How do I find insider transactions?
The SEC’s Edgar database allows free public access to all filings related to insider buying and selling of stock shares….Insider Buying in the U.S.
- Forbes has a semi-daily report highlighting some important insider transactions.
- Finviz features a free and searchable database of insider dealings.
What are insiders in stocks?
Insider is a term describing a director or senior officer of a publicly traded company, as well as any person or entity, that beneficially owns more than 10% of a company’s voting shares. Insiders have to comply with strict disclosure requirements with regard to the sale or purchase of the shares of their company.
How do you find out who owns insider stock?
Q. Where do I find information on insider holdings and insider trading?
- Choose Company Overview, then in the Management Overview section, select Management’s Holdings.
- Select the company name from the list of securities to view company executives and board members and their percentage of company shares outstanding.
Can you see who buys stock?
By definition, every trade requires a buyer and a seller. Traders also know volume is an aggregate count, so investors don’t see the names of the buyers or sellers in each trade.
Is insider buying illegal?
Insider buying is not a crime when the buying is based on public information. Additionally, since insiders have unique insights into their own companies, they often gobble up often shares when they believe the stock is undervalued. That’s why people pay attention to insider buying.
Is talking about stocks illegal?
In the United States and most non-European jurisdictions not all trading on non-public information is illegal insider trading. If this type of information is obtained (directly or indirectly) and there is reason to believe it is nonpublic, there is a duty to disclose it or abstain from trading.
What stocks is Warren Buffett buying?
What does it mean when a CEO buys stock?
Insider buying happens when a director, officer, or executive takes a position in shares of their own company. Large insider buys are notable because they signal that the insider believes in the company and expects shares to increase in value.
Can a CEO buy his own stock?
Insiders are legally permitted to buy and sell shares, but the transactions must be registered with the SEC. Legal insider trading happens often, such as when a CEO buys back company shares, or when employees buy stock in the company where they work.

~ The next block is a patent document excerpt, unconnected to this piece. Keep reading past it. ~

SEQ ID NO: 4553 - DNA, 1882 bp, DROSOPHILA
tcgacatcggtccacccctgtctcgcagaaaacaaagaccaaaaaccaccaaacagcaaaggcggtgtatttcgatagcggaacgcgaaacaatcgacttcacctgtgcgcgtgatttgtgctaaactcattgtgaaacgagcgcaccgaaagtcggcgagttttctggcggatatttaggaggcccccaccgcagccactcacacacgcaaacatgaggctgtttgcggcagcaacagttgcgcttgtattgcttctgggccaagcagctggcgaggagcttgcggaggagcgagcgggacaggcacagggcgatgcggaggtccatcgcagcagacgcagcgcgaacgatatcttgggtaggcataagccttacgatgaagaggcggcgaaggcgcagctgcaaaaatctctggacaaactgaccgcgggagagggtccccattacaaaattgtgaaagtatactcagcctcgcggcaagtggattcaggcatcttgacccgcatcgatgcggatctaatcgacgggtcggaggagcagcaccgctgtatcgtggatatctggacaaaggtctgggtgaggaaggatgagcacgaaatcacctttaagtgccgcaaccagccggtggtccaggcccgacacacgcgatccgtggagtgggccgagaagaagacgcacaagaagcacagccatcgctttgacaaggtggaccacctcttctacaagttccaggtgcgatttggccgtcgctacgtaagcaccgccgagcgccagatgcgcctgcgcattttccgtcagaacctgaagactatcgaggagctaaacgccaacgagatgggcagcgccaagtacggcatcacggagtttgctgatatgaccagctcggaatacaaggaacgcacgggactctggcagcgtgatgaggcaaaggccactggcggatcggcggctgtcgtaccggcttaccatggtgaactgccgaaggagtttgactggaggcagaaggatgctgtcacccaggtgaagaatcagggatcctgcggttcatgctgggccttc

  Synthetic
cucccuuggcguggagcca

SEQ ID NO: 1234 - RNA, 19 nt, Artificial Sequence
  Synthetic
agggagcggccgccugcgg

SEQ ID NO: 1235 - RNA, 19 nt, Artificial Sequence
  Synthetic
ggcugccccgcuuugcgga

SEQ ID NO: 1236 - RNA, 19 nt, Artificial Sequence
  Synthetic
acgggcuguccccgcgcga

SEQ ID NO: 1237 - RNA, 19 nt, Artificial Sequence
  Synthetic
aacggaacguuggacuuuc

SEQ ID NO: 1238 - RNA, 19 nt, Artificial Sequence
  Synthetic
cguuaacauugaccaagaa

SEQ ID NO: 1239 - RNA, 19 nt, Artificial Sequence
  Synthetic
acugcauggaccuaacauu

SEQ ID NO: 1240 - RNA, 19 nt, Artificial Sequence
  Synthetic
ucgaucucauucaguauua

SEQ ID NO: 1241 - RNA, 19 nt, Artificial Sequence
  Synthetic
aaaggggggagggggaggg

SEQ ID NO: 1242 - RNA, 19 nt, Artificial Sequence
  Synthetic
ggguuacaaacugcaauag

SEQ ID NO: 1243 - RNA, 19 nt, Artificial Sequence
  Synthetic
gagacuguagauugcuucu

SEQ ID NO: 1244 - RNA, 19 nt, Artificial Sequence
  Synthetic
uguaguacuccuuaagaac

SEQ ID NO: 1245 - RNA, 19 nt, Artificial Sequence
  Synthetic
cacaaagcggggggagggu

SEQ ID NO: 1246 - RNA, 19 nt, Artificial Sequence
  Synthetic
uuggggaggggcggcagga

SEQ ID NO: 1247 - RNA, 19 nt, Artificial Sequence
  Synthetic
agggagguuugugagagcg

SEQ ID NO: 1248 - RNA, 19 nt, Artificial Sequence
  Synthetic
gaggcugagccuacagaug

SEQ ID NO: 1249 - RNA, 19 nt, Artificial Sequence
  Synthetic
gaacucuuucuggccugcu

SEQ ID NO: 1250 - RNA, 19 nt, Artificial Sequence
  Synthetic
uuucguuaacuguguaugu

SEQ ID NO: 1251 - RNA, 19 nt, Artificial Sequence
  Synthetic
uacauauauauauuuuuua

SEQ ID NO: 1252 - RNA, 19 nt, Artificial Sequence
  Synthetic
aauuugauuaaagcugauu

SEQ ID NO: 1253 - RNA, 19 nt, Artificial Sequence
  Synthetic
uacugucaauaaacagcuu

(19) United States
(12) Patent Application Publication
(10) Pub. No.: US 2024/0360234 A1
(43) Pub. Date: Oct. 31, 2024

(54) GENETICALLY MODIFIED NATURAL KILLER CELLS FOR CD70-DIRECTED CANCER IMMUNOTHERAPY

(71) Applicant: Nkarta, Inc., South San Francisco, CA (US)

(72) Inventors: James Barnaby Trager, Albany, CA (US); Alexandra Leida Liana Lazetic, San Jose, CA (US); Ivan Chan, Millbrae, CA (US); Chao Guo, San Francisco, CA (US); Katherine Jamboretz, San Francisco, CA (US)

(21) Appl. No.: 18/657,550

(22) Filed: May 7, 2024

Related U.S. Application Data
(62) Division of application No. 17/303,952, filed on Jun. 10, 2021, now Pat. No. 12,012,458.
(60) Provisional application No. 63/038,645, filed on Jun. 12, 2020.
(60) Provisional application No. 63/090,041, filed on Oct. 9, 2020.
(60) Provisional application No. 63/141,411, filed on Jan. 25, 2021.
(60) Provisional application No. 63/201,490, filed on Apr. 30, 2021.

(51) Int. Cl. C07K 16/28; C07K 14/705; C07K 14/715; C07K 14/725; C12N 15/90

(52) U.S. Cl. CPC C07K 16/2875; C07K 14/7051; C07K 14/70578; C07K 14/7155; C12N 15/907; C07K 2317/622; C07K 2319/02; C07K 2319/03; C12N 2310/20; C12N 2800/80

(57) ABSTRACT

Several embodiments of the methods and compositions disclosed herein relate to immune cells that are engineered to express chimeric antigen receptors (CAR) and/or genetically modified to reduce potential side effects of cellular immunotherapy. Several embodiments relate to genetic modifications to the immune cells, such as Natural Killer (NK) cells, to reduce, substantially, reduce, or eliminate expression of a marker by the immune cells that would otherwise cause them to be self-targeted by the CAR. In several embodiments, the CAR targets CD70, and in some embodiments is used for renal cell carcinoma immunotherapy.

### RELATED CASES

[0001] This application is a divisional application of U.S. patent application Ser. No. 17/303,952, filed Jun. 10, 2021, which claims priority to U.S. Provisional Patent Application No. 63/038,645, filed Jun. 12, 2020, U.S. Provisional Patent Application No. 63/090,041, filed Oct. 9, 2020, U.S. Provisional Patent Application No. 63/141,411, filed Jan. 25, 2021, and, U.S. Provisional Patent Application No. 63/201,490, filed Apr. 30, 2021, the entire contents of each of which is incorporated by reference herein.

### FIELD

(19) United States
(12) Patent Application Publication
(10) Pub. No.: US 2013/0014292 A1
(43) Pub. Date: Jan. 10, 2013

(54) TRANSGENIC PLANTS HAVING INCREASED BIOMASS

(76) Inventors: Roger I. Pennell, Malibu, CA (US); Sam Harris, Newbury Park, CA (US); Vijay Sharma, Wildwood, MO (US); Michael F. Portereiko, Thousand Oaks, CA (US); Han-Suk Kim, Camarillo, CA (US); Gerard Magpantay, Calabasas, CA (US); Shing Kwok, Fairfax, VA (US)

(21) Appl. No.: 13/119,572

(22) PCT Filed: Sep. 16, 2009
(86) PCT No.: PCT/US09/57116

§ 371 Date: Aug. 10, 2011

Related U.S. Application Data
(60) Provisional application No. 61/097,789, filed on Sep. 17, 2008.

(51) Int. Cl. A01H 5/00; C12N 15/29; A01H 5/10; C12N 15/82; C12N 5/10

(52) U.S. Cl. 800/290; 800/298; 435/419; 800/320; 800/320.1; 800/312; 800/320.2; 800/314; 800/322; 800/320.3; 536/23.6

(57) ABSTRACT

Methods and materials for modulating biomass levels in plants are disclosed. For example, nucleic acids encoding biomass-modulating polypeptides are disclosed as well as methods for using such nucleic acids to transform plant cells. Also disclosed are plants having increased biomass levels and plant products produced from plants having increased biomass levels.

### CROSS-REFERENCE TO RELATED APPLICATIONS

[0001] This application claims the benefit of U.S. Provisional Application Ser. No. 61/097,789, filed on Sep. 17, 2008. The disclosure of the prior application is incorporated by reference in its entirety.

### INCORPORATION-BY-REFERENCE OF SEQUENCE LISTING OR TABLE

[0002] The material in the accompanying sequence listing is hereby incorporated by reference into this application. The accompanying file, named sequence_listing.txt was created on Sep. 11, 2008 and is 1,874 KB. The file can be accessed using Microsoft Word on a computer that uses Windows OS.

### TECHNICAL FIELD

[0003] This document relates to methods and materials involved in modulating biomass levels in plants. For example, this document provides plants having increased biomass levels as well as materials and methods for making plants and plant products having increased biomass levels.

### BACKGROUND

Can I buy my own company stock?
Insiders can (and do) buy and sell stock in their own company legally all of the time; their trading is restricted and deemed illegal only at certain times and under certain conditions. For example, if insiders are buying shares in their own companies, they might know something that normal investors do not.
Is it illegal to promote a stock you own?
While promoting a stock isn’t illegal as long as required disclosures are made, in reality most promotions are manipulative and therefore violations of the securities laws. Promotional materials must identify promoters and their sponsors, and the nature and amount of consideration paid for the promotion.
What are some examples of insider trading?
An example of insider trading would be an employee’s gaining of confidential information about his company after attending a meeting with his superiors, then using that information to buy or sell on the company’s stock.
What do these “insider trading” transactions mean?
Insider trading is the buying or selling of shares of a company by someone who has access to material, non-public information on the company. Legal insider trading is when company insiders – officers, directors, employees and 10% owners – buy or sell shares in their company in accordance with securities laws and regulations.
What are the most famous insider trading cases?
One of the most famous cases of insider trading made household names of Michael Milken, Dennis Levine, Martin Siegel and Ivan Boesky. Milken received the most attention because he was the biggest target for the Securities and Exchange Commission (SEC), but it was actually Boesky who was the spider in the center of the web.
What qualifies as insider trading?
If an employee or other organization member makes trade decisions based on nonpublic information, that usually qualifies as insider trading. The only exception can be when workers have access to stock options, though those lines are blurry and a securities purchase can fall on either side.